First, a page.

ENGLEWOOD, Colo. — These are different times for Denver Broncos outside linebacker Bradley Chubb.

The 2018 first-round draft pick is fully healthy for the first time since he was a rookie and he’s entering his contract year. This is the season when Chubb can return as a force in passing while deciding his next contract. And it’s an opportunity to distance yourself from recent battles.

“Injuries, of course, always get you down,” Chubb said. “When you are injured, you feel like you are away from the team. You don’t feel like the person you were brought here to be.

“I had many battles within myself. My (family) knows it, and everyone around me who’s close knows it… It’s been a tough journey, but I’m glad I’m on the other side of it.”

To some, Chubb is known as the player the Broncos selected over quarterback Josh Allen. Chubb went No. 5, and Allen was selected by the Buffalo Bills at No. 7. And it didn’t matter much to critics that Chubb finished third in Defensive Rookie of the Year voting after he collected 12 sacks, or that he was named to the Pro Bowl in 2020 when Von Miller missed the season with an ankle injury.

The hardest part for Chubb has been the injuries. He suffered a torn ACL in his left knee in the fourth game of the 2019 season and missed the remainder of that year. Then, last season, he had to have bone spurs removed from both ankles in separate surgeries, weeks apart, and played in just seven games. As a result, he has missed 24 regular-season games and hasn’t played a full season or finished with more than 7.5 sacks since he was a rookie.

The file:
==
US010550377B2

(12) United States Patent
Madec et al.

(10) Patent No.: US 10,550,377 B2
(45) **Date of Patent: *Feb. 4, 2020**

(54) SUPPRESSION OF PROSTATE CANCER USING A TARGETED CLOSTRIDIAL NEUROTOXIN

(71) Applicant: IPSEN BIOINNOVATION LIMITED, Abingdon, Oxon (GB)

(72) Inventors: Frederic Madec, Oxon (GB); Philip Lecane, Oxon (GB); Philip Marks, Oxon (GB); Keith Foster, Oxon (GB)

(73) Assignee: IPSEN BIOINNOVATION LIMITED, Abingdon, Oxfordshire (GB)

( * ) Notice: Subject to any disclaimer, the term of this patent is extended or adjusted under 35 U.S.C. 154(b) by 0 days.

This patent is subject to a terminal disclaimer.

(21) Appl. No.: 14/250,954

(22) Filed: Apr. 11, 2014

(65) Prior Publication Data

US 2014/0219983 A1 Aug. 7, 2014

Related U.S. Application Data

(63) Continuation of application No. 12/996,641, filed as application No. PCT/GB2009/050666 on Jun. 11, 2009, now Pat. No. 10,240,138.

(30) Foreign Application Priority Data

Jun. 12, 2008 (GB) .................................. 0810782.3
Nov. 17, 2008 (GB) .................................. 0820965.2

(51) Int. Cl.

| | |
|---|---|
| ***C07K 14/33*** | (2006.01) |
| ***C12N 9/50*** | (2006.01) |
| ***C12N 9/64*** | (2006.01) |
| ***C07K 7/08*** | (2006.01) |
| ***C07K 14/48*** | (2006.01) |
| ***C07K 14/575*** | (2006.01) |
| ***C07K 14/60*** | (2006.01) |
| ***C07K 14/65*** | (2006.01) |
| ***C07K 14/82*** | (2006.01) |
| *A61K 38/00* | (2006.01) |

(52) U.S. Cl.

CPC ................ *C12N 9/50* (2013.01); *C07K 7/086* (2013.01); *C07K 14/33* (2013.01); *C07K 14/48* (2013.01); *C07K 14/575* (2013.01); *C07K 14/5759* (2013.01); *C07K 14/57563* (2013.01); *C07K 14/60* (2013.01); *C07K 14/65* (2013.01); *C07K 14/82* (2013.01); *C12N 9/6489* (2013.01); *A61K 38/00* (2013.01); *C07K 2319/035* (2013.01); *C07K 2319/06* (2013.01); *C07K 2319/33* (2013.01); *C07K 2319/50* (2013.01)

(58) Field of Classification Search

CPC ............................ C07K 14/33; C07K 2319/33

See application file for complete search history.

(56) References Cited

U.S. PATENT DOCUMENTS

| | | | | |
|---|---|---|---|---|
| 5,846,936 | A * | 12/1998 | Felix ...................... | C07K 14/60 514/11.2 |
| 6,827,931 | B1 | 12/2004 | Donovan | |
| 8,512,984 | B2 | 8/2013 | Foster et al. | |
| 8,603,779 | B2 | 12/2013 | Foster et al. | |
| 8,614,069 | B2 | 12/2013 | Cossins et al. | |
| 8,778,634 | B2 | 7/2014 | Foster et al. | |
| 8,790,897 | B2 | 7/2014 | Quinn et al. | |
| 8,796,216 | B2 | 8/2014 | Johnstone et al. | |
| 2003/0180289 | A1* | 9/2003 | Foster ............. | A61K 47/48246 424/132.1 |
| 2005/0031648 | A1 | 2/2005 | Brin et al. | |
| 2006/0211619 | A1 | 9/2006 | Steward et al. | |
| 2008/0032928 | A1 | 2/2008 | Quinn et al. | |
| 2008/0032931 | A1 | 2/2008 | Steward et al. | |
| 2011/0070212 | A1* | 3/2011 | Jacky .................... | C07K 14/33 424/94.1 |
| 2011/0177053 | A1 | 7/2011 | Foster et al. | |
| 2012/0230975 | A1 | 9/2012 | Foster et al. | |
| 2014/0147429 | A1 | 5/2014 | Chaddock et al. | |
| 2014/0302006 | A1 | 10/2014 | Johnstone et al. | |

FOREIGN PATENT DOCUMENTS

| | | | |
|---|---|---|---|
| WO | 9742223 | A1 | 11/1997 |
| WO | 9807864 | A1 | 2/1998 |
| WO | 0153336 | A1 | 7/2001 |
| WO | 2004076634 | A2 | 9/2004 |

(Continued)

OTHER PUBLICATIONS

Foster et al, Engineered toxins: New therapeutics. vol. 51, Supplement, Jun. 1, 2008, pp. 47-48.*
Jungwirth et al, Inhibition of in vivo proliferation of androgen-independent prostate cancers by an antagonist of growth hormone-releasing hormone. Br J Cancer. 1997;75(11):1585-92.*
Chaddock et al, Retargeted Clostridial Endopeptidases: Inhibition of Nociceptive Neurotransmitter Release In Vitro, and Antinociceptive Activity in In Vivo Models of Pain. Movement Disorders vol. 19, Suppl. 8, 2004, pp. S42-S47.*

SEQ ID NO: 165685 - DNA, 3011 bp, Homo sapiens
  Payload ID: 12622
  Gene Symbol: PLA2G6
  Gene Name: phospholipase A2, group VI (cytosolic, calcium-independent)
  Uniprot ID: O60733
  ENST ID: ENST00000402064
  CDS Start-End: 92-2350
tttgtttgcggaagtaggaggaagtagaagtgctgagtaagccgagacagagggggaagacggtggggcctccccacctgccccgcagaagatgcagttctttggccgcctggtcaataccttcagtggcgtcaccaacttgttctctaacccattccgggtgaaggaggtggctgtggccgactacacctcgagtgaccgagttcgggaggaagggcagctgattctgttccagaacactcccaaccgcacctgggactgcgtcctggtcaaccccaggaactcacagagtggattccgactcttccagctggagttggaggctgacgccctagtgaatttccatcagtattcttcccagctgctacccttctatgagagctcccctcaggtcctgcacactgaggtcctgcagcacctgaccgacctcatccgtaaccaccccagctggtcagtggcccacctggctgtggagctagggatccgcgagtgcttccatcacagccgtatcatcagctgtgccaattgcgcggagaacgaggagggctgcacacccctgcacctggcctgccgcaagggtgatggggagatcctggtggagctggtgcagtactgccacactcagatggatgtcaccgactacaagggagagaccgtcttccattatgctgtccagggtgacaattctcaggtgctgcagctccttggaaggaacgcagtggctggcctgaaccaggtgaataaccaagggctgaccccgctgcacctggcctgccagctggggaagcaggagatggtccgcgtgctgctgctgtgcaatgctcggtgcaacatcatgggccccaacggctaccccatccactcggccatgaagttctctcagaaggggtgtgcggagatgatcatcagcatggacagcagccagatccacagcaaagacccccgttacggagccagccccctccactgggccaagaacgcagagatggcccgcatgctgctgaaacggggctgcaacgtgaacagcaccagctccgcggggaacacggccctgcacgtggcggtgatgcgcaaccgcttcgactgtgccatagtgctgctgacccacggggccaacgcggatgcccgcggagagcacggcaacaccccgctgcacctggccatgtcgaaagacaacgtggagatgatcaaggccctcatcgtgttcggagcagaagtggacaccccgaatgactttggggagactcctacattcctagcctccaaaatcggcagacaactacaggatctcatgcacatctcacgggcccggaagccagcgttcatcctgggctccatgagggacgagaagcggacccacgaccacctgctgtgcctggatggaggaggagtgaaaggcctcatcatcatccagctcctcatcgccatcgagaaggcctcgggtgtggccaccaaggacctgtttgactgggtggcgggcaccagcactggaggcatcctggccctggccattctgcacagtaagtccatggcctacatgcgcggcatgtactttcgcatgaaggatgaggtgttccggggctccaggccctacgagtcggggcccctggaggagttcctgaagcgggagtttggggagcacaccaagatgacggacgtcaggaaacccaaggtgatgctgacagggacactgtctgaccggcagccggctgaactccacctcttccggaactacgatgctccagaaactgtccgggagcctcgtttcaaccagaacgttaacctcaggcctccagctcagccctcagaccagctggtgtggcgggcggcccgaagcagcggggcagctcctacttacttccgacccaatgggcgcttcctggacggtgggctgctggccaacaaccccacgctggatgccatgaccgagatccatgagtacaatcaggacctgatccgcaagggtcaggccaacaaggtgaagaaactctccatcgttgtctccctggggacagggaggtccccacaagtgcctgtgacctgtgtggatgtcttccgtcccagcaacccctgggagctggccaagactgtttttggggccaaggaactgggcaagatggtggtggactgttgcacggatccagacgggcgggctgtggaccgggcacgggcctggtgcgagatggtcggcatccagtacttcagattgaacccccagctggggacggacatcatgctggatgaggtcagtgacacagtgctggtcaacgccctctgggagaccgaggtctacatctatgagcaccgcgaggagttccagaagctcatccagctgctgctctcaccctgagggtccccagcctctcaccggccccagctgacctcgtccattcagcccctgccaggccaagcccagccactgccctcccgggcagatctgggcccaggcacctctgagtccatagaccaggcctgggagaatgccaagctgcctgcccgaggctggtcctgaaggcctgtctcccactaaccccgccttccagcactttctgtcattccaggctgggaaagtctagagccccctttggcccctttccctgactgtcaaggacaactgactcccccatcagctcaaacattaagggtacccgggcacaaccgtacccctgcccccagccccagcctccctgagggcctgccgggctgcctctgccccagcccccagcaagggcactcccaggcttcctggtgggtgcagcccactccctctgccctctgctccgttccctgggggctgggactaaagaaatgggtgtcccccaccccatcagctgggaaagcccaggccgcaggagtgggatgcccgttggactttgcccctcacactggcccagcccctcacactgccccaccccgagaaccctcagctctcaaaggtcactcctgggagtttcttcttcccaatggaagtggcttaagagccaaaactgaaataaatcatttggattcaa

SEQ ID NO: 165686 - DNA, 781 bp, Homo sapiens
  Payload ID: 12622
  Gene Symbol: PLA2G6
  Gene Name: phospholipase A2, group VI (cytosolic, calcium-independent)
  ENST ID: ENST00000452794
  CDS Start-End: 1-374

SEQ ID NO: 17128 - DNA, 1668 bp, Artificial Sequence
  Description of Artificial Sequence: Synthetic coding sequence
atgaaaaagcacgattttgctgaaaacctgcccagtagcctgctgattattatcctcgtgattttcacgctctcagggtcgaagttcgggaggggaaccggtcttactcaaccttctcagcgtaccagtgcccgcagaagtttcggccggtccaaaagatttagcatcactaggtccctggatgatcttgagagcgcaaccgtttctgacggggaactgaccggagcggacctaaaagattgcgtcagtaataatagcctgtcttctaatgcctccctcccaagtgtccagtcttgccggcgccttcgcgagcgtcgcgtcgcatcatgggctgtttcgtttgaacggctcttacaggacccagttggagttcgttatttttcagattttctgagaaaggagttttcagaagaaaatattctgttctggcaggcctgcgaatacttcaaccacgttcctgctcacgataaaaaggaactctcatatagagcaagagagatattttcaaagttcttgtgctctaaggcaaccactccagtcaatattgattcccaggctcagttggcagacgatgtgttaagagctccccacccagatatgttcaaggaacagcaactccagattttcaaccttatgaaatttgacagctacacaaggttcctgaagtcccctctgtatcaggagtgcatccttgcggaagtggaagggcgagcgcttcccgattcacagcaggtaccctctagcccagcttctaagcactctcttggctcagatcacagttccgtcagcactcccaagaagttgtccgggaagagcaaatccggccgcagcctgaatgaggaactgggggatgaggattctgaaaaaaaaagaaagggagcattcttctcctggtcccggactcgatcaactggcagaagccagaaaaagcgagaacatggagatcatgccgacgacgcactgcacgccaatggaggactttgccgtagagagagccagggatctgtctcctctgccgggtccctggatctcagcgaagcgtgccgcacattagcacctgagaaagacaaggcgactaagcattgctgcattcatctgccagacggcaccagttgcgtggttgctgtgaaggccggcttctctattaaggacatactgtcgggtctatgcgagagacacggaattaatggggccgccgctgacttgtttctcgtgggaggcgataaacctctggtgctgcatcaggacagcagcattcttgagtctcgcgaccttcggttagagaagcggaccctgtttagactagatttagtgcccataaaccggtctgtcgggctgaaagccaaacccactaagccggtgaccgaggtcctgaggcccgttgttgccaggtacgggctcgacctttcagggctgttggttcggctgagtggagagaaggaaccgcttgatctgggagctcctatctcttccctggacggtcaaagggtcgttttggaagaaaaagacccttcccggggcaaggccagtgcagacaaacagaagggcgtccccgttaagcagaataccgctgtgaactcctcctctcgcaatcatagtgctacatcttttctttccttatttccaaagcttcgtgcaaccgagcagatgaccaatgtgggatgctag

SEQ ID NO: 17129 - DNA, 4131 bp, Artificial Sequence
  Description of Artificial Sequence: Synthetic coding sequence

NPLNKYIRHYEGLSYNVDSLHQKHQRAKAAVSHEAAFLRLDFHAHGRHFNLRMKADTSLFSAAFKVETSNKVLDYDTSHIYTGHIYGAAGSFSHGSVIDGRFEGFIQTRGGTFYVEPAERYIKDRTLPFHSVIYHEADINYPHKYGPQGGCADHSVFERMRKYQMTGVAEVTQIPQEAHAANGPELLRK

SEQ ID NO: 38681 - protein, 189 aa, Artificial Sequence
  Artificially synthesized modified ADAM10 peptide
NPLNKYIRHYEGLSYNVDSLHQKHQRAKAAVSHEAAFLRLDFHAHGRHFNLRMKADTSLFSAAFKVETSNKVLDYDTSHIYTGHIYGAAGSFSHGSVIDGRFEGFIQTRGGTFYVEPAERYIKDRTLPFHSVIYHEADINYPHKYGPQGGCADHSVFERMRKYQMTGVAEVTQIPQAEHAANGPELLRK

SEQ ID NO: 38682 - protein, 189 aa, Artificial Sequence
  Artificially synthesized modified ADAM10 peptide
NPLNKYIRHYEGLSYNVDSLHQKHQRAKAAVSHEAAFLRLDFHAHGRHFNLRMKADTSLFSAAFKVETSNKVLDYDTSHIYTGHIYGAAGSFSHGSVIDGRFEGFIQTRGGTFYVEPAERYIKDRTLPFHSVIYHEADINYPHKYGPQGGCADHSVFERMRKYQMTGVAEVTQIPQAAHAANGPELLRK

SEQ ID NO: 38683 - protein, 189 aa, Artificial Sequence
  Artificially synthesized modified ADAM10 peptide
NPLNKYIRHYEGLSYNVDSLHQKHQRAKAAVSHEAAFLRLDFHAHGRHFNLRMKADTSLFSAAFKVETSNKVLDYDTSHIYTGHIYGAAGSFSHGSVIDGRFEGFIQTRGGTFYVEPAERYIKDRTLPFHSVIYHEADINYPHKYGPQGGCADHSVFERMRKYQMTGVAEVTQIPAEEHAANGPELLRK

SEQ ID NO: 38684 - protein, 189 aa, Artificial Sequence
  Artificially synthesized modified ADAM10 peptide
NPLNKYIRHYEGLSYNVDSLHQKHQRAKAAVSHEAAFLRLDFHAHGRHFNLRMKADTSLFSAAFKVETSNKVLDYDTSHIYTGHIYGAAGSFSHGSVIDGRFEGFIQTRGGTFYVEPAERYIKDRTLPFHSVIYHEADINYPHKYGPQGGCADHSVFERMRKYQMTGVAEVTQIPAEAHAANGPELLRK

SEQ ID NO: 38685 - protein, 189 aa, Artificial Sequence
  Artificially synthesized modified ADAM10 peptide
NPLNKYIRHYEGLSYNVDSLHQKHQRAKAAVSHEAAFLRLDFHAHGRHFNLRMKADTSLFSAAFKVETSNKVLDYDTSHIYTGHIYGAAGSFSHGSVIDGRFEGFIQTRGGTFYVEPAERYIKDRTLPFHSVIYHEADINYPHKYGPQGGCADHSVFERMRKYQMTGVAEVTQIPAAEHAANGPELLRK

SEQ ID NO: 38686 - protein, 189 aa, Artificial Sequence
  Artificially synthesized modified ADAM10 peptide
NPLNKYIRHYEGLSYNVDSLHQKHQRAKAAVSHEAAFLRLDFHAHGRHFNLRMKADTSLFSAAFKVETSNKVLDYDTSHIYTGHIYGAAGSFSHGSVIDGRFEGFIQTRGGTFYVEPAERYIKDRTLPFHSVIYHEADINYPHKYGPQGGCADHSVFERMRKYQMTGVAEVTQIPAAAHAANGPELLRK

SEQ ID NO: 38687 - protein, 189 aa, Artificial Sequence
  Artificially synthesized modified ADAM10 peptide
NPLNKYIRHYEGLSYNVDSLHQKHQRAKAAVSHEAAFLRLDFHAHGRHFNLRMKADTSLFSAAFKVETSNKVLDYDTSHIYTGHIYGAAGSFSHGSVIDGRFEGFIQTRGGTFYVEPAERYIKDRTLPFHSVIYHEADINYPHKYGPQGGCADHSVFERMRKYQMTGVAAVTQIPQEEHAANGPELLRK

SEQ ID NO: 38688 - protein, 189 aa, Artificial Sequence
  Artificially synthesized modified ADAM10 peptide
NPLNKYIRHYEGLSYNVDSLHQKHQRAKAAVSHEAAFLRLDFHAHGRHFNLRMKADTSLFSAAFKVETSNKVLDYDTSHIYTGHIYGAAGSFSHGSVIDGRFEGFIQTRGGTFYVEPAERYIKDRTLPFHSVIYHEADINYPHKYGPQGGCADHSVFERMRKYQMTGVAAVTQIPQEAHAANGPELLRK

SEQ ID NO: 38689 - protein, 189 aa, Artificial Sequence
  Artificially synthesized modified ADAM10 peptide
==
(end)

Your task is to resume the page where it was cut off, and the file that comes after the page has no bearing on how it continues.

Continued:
“I’ve said my main thing is to play all 17 games, make an impact in all 17 and make sure I can do that,” Chubb said. “Everyone knows I haven’t been the healthiest player here.”

The Broncos traded Miller to the Los Angeles Rams last November and then signed Randy Gregory in March to a five-year, $70 million deal in free agency — their biggest offseason move this side of the franchise-changing trade for purchased Russell Wilson.

Gregory never played a full season, due to suspensions or injuries, and he never had more than six sacks in any season. He had arthroscopic knee surgery last January and had shoulder surgery shortly after the Broncos signed him.

If the Broncos get that right, Gregory and Chubb could become one of the best passing duos in the league.

“Bradley Chubb is going to have a monster year,” Broncos offensive tackle Garett Bolles said recently. “I saw the moves, I saw the behavior.”

Now it’s just a matter of seeing him get healthy.

“[Chubb] is in a really good spot,” Broncos coach Nathaniel Hackett said. “The guy just has a lot of ability — that’s always the bottom line. And he’s healthy, and that will allow him to play at his highest level.”

Miller always said it’s Chubb’s speed in a 275-pound body that gives him the opportunity to be one of the league’s elite, if Chubb’s body will just cooperate.

“I just want to finish this year healthy and be able to provide for this team as much as I can — go through everything, the highs, the lows and make sure I’m same brainy guy every time. single day and give my best every day,” Chubb said. “ … That and the sacks, and the handoff, has an impact on a defense that makes those plays and wins. This was what I wanted.”

And if all that happens, momentum could shift to the contract situation, though that’s not a topic Chubb cares to discuss.

“It’s the first offseason he hasn’t had to rehab and not have surgery,” Broncos general manager George Paton said. “We’re seeing the Bradley I thought we were going to get when I got here. [in January 2021]. He is playing with reckless abandon. He looked as good as he did when he had 12 sacks as far as I’m concerned… We’ve loved him here for a long time.”

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